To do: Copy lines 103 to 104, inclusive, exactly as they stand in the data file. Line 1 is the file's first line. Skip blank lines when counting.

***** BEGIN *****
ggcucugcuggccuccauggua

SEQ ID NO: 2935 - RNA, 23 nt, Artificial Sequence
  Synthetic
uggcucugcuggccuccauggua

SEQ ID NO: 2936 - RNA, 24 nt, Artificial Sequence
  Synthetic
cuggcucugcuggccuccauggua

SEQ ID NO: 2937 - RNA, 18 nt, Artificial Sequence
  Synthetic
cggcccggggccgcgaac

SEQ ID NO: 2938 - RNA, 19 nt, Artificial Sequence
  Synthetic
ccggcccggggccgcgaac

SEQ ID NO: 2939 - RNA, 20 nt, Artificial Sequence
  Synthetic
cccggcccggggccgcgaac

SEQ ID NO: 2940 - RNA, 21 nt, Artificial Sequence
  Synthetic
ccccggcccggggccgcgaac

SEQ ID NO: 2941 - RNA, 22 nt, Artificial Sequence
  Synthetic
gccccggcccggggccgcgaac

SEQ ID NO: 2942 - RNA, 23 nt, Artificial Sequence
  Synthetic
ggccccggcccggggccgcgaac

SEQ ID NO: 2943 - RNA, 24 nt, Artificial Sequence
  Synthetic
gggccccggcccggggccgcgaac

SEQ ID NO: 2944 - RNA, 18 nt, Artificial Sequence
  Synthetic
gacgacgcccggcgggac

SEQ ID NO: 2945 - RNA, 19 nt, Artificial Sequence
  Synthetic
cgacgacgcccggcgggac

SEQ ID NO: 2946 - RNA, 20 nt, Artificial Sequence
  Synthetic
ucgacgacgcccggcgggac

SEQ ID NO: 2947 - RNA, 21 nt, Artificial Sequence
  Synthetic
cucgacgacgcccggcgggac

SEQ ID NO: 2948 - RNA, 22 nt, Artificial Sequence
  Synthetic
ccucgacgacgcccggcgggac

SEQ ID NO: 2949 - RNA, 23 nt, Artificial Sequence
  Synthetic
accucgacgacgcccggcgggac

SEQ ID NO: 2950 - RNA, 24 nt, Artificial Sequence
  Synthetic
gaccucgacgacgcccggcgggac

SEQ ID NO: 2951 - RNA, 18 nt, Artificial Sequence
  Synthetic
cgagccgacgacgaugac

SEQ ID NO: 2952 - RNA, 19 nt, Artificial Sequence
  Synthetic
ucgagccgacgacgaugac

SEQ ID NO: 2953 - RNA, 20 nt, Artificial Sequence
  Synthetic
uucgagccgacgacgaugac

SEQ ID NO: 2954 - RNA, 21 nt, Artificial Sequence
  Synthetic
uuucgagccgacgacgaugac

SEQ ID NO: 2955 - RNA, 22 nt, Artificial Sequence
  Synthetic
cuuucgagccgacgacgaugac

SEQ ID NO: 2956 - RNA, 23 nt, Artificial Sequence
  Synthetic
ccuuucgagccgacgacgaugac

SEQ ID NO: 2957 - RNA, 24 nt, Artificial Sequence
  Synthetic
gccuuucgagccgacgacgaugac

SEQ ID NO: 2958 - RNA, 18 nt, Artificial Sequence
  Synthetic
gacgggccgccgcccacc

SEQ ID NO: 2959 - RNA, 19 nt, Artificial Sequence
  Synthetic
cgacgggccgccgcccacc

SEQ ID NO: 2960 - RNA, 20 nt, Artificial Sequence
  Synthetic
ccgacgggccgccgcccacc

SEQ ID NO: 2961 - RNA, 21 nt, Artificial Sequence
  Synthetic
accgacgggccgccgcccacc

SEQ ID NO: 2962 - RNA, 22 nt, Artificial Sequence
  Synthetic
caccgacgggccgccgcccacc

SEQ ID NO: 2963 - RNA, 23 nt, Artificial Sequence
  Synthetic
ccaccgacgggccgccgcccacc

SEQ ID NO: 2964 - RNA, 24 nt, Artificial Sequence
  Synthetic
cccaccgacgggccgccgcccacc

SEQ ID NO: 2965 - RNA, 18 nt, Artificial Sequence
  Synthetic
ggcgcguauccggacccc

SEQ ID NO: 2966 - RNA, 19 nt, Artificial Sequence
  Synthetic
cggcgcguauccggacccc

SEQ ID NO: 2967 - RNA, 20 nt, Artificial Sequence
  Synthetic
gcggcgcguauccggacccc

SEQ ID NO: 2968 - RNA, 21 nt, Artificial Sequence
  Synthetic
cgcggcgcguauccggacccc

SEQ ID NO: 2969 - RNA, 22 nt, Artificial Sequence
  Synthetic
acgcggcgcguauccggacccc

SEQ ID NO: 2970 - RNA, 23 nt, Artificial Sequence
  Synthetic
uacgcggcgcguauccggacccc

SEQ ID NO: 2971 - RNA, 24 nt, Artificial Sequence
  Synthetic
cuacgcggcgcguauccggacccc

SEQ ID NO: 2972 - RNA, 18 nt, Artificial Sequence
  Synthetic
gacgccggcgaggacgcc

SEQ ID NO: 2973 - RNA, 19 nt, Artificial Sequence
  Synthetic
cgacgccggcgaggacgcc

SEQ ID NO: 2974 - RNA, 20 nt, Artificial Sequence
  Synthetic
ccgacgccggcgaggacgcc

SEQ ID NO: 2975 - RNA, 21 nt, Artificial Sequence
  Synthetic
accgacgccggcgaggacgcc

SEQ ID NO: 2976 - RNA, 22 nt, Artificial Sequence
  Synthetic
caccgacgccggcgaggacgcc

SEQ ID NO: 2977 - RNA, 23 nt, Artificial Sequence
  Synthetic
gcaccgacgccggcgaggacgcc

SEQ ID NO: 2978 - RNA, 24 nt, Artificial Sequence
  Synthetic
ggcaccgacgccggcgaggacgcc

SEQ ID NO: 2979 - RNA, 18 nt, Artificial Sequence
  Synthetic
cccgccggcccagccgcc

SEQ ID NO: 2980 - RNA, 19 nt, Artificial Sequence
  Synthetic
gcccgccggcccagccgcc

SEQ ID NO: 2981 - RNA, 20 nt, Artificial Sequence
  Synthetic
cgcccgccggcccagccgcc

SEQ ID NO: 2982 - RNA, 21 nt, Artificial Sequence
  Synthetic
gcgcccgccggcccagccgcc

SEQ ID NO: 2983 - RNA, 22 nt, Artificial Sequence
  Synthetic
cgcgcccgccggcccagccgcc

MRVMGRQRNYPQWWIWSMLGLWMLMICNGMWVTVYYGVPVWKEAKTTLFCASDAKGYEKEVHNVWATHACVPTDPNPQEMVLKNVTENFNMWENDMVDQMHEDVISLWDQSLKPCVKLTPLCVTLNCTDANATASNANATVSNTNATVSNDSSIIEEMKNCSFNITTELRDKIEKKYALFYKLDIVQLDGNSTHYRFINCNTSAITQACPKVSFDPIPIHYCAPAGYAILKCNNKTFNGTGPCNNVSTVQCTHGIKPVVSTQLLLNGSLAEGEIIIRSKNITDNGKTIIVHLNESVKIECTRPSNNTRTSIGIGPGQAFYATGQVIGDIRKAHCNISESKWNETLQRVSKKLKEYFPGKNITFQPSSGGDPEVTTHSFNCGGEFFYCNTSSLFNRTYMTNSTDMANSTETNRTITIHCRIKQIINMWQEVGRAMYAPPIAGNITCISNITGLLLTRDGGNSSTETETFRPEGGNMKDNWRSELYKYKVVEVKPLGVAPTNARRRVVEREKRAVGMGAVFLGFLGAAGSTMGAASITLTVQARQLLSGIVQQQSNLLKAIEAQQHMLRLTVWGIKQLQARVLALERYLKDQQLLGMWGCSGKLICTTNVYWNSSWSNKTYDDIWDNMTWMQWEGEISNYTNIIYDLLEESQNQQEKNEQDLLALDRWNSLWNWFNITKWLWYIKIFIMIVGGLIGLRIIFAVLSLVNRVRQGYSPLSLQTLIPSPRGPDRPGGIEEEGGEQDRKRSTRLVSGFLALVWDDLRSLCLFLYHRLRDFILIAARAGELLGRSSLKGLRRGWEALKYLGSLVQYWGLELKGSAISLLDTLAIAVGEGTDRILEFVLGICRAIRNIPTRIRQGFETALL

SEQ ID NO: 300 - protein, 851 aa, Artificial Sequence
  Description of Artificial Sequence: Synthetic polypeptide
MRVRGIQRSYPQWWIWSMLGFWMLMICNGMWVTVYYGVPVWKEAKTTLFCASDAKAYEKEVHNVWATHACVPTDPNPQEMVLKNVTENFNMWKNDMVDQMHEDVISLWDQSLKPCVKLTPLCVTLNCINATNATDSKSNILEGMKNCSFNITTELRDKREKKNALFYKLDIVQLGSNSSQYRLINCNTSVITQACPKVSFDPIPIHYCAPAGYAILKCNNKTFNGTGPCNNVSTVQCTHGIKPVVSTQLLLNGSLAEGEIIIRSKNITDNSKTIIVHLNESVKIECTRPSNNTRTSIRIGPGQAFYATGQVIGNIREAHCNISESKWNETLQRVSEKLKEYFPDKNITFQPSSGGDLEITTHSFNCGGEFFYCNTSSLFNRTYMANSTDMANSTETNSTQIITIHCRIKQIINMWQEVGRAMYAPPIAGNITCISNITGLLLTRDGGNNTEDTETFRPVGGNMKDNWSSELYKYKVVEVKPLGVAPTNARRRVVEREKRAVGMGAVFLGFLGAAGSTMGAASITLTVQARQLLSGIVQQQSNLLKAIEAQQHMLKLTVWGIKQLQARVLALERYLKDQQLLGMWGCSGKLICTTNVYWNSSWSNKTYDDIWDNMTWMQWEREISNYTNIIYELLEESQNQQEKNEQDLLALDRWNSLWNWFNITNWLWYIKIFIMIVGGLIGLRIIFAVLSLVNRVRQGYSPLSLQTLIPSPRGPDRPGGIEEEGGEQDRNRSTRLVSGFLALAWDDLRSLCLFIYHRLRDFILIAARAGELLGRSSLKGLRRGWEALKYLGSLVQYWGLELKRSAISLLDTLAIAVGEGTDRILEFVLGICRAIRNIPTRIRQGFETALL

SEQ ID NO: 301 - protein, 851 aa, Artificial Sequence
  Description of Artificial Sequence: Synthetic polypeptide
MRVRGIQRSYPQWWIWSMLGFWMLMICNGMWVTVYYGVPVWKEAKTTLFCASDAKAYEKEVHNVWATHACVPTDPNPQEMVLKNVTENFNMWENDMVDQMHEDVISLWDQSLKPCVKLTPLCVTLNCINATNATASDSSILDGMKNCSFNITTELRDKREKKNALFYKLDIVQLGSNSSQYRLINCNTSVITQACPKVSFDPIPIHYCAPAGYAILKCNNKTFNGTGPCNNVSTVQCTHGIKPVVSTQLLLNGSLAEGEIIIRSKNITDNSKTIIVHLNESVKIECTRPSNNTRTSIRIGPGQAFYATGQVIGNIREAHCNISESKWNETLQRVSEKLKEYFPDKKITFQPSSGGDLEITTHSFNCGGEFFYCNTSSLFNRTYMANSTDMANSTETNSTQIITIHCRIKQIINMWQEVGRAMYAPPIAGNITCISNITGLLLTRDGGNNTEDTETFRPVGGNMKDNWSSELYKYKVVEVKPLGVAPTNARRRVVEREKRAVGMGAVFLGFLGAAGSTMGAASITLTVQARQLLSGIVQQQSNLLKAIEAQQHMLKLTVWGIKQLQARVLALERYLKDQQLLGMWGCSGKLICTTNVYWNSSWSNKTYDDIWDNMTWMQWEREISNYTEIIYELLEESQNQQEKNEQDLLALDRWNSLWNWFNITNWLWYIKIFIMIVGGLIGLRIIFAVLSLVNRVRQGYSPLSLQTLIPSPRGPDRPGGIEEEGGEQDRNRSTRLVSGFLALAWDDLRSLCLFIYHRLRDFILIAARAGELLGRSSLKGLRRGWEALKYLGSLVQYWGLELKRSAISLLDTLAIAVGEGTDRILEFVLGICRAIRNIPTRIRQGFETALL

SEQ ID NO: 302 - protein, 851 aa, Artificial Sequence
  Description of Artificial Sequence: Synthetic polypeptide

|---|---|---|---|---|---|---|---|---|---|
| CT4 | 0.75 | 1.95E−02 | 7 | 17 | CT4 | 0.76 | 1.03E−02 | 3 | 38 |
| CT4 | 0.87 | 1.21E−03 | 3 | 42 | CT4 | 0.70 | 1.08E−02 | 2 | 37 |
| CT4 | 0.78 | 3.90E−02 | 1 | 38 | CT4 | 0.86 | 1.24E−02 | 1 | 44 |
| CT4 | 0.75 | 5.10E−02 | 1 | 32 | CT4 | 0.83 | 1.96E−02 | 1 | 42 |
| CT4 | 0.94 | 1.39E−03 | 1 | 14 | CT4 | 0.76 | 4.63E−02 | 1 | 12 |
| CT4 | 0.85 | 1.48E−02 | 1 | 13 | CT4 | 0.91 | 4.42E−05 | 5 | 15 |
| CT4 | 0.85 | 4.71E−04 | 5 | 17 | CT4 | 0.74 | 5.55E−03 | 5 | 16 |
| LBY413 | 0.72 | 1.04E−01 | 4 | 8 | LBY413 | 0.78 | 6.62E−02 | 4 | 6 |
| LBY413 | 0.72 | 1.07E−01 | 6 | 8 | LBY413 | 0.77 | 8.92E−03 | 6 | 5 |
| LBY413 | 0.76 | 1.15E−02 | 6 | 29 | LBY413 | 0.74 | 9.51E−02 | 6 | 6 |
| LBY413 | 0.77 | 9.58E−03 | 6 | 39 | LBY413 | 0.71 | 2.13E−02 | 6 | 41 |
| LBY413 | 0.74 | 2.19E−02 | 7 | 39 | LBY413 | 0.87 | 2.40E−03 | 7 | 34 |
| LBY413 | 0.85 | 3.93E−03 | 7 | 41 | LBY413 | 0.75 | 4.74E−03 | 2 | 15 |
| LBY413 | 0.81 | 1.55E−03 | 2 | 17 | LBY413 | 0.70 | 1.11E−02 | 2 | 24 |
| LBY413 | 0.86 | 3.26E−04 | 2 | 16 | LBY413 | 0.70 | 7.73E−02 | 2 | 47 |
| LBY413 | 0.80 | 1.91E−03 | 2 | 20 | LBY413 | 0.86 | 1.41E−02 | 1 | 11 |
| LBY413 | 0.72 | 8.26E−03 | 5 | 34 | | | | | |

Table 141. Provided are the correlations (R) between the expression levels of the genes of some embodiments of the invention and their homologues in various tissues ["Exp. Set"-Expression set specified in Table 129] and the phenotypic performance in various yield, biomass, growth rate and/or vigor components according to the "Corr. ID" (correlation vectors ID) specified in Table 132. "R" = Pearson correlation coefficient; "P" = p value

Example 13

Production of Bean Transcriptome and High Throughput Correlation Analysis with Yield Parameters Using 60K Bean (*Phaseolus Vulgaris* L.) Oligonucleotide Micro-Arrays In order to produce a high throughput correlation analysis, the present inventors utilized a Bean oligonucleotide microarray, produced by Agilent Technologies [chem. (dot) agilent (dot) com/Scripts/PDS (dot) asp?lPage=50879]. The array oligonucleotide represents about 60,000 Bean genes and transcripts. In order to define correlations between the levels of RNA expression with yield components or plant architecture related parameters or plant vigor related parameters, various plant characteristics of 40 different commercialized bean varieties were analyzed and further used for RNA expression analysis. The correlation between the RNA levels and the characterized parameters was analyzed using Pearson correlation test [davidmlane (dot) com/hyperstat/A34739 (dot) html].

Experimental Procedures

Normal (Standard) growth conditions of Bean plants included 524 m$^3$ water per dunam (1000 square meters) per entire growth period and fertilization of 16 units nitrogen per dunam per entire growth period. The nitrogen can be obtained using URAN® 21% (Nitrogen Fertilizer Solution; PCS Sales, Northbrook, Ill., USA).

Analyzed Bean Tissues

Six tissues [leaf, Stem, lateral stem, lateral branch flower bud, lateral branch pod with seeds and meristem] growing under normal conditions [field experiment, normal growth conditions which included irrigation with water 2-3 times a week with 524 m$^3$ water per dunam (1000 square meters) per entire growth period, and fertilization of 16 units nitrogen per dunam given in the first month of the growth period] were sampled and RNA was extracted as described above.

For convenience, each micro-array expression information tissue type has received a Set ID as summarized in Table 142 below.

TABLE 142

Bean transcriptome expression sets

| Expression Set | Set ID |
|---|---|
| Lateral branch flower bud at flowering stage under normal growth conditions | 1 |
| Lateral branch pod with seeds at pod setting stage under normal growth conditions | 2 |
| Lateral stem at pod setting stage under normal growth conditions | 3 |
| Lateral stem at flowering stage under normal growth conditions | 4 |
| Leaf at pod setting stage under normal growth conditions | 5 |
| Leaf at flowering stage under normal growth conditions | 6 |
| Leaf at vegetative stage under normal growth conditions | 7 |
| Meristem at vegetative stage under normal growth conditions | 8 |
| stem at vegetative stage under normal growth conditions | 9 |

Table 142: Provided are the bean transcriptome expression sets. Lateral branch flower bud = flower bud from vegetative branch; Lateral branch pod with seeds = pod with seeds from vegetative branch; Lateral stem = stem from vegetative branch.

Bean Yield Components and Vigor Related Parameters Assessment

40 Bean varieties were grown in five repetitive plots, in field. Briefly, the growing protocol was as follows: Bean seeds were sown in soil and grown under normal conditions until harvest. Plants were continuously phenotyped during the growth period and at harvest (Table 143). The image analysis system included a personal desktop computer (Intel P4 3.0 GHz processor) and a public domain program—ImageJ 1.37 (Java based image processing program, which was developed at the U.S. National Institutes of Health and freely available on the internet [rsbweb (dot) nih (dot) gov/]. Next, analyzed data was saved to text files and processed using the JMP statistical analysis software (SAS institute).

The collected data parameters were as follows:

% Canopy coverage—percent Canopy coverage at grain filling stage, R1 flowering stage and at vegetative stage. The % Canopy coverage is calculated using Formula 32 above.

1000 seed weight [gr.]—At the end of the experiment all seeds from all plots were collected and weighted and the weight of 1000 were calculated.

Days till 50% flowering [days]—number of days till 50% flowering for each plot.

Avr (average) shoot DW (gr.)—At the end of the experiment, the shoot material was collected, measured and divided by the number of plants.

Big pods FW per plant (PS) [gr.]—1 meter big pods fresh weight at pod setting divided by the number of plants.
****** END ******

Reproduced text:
cgcggcgcguauccggacccc

SEQ ID NO: 2969 - RNA, 22 nt, Artificial Sequence